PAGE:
2015 was the year we decided if we’re going to watch a shitload of TV it might as well be good.
- Re: Ian Murdock – CodeFriar.com
*the* Ian from deb*ian* was more, is more, than the unknown actions at the end of his life. He was also the kind of man who’d not only call and verify my identity, but reaffirm an insecure high school nerd’s ability to meaningfully contribute to the world at large.
- Lektor Static Content Management System
Because Lektor builds out 100% static HTML you can deploy them to any host (including S3, github pages, any web host, etc.).
- So you want to build an App.. – Caseysoftware
I’m contacted a few times a month by people who want to build (usually mobile) apps. Or more properly, want someone to build apps for them. While I don’t begrudge or criticize their hopes or goals, we need to look at things critically and honestly. Also, I’m tired of telling people the same thing over and over again.
- In 2015, The Dark Forces Of The Internet Became A Counterculture
In 2015 it became clear, obvious even, that various reactionary forces have coalesced into a larger, coherent counterculture — let’s call it the Chanterculture — that exists not just in opposition to racial diversity in politics and culture, but in order to advance its own agenda, which across a variety of fronts seeks to preserve and promote the cultural and political preeminence of white guys. This new movement, and it is a movement, combines age-old racist and sexist rhetoric with bleeding-edge meme culture and technology. It unites two equally irrepressible camps behind an ironclad belief in the duty to say hideous things: the threatened white men of the internet and the “I have no soul” lulzsters.
- luigiplr/netify-jump · GitHub
Netify Jump is a software-based system that effectively transforms your computer into a WiFi router and/or repeater. Netify Jump can broadcast WiFi right from your PC, so that any other WiFi-enabled device can get online. In addition using the built in “File Jump” service devices can beam files to and from other connected devices. c/o onethingwell
- NES Graphics – Part 1
Released in 1983, the Nintendo Entertainment System (NES) home console was a cheap, yet capable machine that went on to achieve tremendous success. Using a custom designed Picture Processing Unit (PPU) for graphics, the system could produce visuals that were quite impressive at the time, and still hold up fairly well if viewed in the proper context. Of utmost importance was memory efficiency, creating graphics using as few bytes as possible. At the same time, however, the NES provided developers with powerful, easy to use features that helped set it apart from older home consoles. Understanding how NES graphics are made creates an appreciation for the technical prowess of the system, and provides contrast against how easy modern day game makers have it with today’s machines.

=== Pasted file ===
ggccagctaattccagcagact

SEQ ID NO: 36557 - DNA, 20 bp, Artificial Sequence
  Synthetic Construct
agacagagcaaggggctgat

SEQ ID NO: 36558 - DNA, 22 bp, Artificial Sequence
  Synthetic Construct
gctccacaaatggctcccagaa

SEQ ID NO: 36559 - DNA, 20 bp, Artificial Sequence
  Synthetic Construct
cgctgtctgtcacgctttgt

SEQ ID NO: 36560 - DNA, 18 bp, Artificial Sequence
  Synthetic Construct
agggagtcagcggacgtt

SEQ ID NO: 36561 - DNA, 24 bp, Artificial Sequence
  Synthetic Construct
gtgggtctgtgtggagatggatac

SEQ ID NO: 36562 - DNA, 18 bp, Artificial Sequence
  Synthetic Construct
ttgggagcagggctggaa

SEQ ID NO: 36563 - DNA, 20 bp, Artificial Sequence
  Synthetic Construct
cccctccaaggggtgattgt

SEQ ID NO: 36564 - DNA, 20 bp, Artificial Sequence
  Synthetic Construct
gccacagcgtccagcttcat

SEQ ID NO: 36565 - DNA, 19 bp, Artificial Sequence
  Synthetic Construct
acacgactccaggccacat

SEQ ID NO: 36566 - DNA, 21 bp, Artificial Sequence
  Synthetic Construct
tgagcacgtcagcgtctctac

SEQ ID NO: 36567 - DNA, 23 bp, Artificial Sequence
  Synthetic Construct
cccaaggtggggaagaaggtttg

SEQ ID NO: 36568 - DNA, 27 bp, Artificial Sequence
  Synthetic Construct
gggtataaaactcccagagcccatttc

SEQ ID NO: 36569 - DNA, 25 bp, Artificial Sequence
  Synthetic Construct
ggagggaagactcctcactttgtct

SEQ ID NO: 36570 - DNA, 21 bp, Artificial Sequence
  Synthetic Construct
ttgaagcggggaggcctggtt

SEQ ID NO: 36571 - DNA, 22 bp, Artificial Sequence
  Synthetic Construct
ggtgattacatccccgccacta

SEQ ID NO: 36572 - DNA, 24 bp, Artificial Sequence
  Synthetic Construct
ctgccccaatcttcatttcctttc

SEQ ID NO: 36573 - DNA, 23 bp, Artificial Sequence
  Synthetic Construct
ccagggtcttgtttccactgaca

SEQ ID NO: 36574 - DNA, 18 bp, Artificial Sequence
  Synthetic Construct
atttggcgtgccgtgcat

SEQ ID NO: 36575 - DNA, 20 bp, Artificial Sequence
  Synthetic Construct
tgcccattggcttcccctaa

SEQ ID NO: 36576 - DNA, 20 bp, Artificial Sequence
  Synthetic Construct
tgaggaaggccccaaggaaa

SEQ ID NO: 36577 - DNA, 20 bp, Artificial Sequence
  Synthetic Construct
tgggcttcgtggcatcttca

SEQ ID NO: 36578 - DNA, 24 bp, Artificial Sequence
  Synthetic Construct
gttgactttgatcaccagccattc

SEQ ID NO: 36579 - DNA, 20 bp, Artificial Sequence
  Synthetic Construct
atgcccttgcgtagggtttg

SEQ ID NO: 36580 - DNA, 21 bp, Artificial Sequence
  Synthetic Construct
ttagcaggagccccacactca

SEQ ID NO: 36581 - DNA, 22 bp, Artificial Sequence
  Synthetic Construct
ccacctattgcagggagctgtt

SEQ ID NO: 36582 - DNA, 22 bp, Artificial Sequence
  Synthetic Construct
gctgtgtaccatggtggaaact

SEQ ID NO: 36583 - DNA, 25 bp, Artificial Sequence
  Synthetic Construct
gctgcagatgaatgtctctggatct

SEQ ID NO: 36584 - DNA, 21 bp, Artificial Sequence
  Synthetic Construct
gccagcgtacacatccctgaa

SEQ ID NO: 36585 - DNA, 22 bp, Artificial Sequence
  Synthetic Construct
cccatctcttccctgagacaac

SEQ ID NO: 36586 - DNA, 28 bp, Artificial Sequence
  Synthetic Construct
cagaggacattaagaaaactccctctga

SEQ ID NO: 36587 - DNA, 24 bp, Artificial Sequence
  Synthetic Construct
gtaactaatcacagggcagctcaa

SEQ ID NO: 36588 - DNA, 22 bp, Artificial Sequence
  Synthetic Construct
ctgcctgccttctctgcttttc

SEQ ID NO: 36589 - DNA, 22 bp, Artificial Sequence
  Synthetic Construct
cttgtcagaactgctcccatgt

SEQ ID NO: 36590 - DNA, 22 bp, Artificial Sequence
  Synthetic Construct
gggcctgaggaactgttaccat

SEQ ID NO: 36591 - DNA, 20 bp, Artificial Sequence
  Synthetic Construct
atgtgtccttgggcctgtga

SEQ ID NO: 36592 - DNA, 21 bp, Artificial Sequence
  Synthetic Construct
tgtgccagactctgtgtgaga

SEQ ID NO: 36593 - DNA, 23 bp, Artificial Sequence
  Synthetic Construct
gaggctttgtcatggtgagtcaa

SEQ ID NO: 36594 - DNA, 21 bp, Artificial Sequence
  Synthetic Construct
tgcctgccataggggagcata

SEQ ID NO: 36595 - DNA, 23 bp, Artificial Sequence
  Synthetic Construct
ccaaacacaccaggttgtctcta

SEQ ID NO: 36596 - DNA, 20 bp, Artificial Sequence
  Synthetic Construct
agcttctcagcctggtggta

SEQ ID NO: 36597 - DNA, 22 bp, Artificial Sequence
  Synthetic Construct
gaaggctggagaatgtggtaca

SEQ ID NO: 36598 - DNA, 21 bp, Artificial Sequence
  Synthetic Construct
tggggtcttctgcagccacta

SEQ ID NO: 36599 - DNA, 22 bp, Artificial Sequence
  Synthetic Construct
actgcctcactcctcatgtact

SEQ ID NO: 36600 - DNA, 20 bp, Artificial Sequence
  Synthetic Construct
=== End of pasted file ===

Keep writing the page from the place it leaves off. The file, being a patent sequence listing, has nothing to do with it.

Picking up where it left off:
- The McDonald's Quotient · The Macro
What’s your “McDonald’s quotient”? How many people do you personally know, and count as friends or colleagues, that have worked in retail for an hourly wage? What’s your organization’s “McDonald’s quotient?” In Silicon Valley and the larger startup and VC investing world, I often find that it’s surprisingly low, or even non-existent. This is a problem, especially if you’re building or investing in a company that’s selling a consumer-facing product or experience.
- Relegated to Legend: The Stories We Lose in a New 'Star Wars' Timeline | LitReactor
What’s important about the Star Wars Expanded Universe is that it had the freedom to really create good stories, rather than profitable ones. I mean, sure, there’s the odd story about Boba Fett blasting space zombies … but there are also stories that contain great tragedy, political insight, social deconstruction, and questions about the very nature of good, evil, and everything that may lay in between. I want to give you a taste of the storyline that is effectively being erased, and what the movies could have covered if they wanted to build on the incredible stories that were previously canon.
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